Statement by Parliamentary Opposition Leader, DAP Secretary-General, MP fpr Tanjung and Assemblymen for Kampong Kolam, Lim Kit Siang, in Petaling jaya on Friday, Sept. 19,1986.
DAP regrets at Dr. Mahathir‘s intemperate speech at UMNO General assembly and express dissatisfaction with Dr. Mahathir’s confused explanation on the mysterious tin-buying in London and Makuwasa.
I regret that the Prime Minister, Datuk Seri Mahathir Mohamed, has made an intemperate speech at the 37th UMNO General Assembly yesterday, on the DAP, national unity, the general elections, the investment climate in the country, indulging in his typically unwarranted allegations and charges against the DAP and other critics of the Barisan Nasional Government.
I propose to comment and reply to Dr. Mahathir’s speech in penang this weekend, and will confine myself to one or two points of Dr. Mahathir’s speech in my statement today.
Firstly, I note that Dr. Mahathir has at last, for the first time, admitted the government’s involvement in the mysterious London tin-buying in 1981. as well as the mysterious background of the $2 company, Makuwasa, in connection with EPF investments in the shares market.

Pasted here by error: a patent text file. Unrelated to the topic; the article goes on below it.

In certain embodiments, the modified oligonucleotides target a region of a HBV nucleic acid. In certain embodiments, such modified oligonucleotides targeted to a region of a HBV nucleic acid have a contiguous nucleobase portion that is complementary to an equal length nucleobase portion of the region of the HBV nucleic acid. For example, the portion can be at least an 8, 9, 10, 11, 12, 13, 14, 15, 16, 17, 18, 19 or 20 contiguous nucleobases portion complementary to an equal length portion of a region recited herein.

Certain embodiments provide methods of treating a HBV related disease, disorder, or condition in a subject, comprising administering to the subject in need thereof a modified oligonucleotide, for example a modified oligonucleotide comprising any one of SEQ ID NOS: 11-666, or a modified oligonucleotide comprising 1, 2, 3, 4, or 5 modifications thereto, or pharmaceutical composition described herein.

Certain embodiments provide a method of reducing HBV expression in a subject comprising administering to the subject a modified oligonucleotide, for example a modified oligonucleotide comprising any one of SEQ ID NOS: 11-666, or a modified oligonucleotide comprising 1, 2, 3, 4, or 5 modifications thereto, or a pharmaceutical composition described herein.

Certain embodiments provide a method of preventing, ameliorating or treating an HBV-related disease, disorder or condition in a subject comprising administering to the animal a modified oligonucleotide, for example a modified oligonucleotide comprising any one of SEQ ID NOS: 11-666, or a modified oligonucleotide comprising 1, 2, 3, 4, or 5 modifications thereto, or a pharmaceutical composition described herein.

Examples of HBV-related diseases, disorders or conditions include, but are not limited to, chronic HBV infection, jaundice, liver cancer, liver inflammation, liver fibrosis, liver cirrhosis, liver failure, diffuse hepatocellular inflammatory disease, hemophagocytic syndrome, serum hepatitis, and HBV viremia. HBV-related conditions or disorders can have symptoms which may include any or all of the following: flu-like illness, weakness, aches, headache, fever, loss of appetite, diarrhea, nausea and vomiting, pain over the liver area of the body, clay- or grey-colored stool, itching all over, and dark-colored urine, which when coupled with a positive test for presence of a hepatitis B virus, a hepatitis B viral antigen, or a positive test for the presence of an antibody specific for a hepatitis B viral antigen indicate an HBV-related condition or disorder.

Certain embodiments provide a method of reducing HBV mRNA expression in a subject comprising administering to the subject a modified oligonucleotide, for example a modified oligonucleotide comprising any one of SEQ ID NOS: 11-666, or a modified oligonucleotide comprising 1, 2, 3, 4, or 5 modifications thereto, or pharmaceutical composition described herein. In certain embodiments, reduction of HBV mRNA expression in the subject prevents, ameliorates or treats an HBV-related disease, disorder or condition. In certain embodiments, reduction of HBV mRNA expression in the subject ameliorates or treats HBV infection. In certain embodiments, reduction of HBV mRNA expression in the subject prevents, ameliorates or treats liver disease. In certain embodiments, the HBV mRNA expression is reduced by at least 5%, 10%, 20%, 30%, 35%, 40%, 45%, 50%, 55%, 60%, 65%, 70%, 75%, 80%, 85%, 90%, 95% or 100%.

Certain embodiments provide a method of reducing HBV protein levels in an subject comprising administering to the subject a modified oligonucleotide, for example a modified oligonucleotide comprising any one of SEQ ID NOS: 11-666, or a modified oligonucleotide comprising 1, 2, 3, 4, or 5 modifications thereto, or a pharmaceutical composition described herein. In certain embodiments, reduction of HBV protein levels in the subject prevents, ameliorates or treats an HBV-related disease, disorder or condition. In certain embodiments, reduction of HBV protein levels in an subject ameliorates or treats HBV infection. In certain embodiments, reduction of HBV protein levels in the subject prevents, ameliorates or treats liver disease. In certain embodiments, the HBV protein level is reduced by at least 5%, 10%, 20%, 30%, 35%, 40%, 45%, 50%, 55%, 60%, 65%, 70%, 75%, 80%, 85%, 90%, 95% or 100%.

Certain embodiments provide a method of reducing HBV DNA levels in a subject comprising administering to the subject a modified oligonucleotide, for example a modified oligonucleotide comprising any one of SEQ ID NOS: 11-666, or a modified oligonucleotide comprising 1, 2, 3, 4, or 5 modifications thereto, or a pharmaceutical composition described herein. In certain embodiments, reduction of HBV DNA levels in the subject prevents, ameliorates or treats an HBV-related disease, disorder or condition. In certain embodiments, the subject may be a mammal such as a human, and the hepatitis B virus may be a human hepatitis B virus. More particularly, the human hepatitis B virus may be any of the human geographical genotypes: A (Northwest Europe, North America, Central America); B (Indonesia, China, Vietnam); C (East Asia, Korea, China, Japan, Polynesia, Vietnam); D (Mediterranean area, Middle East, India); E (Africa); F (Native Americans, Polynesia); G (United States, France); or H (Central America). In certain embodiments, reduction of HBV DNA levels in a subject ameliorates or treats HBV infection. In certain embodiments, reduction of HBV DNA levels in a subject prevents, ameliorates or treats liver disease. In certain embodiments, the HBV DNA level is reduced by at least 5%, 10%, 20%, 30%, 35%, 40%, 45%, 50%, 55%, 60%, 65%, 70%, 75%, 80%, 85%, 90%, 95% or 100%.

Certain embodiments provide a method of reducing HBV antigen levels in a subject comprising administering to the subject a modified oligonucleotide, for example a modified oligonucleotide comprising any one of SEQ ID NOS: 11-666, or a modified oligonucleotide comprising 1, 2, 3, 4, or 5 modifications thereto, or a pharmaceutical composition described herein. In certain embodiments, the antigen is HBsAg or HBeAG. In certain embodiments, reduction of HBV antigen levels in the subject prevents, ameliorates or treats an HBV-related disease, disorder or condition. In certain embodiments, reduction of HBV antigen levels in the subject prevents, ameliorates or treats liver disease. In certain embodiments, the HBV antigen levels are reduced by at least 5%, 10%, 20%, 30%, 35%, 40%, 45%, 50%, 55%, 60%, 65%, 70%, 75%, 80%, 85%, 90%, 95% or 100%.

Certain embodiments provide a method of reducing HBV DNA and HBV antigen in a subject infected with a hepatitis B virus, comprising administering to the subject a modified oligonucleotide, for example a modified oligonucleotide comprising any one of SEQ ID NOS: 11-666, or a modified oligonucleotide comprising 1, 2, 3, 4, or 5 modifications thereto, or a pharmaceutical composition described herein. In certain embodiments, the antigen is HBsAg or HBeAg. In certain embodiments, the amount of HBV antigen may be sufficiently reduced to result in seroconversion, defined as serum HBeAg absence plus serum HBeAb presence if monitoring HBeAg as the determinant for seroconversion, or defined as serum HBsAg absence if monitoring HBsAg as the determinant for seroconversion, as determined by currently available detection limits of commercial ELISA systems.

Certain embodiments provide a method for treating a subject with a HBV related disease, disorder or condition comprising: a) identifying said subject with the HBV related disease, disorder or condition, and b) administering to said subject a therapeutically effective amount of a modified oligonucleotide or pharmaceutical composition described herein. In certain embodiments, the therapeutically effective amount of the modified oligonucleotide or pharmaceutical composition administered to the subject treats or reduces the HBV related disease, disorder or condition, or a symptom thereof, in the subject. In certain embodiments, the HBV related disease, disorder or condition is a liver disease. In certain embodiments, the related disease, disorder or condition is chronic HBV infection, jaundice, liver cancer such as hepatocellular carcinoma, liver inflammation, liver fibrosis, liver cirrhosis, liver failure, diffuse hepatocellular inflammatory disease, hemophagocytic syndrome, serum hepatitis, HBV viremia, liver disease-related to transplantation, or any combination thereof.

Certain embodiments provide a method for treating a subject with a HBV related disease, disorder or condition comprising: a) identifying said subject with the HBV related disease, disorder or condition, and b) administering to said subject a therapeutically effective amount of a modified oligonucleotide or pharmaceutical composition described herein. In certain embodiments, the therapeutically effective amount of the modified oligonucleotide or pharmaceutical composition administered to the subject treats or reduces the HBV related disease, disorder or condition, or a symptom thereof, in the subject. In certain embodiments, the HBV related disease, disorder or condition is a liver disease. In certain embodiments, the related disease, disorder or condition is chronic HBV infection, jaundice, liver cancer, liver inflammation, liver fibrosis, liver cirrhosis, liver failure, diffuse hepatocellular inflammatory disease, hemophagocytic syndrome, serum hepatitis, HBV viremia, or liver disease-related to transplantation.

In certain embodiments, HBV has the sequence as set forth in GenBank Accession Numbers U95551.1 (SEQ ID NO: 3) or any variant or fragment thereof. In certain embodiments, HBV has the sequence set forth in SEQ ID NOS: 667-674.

Dr. Mahathir must have realized that the government cannot delay giving a public explanation of the mysterious tin-buying in London and the Makuwasa dealings as I have again submitted questions for oral answer for the Parliamentary meeting beginning on Oct.6. I had submitted these questions for the July meeting of Parliament, but the cancellation of the July Parliamentary meeting as a result of dissolution saved the Prime minister and the Government from having to give answers then.
The first question Dr. Mahathir should answer is why he did not volunteer to give explanation about the mysterious London tin-buying before and during the general elections, if he really believes in the principle of public accountability. Why must he be forced by impending DAP parliamentary question in order to give a public explanation?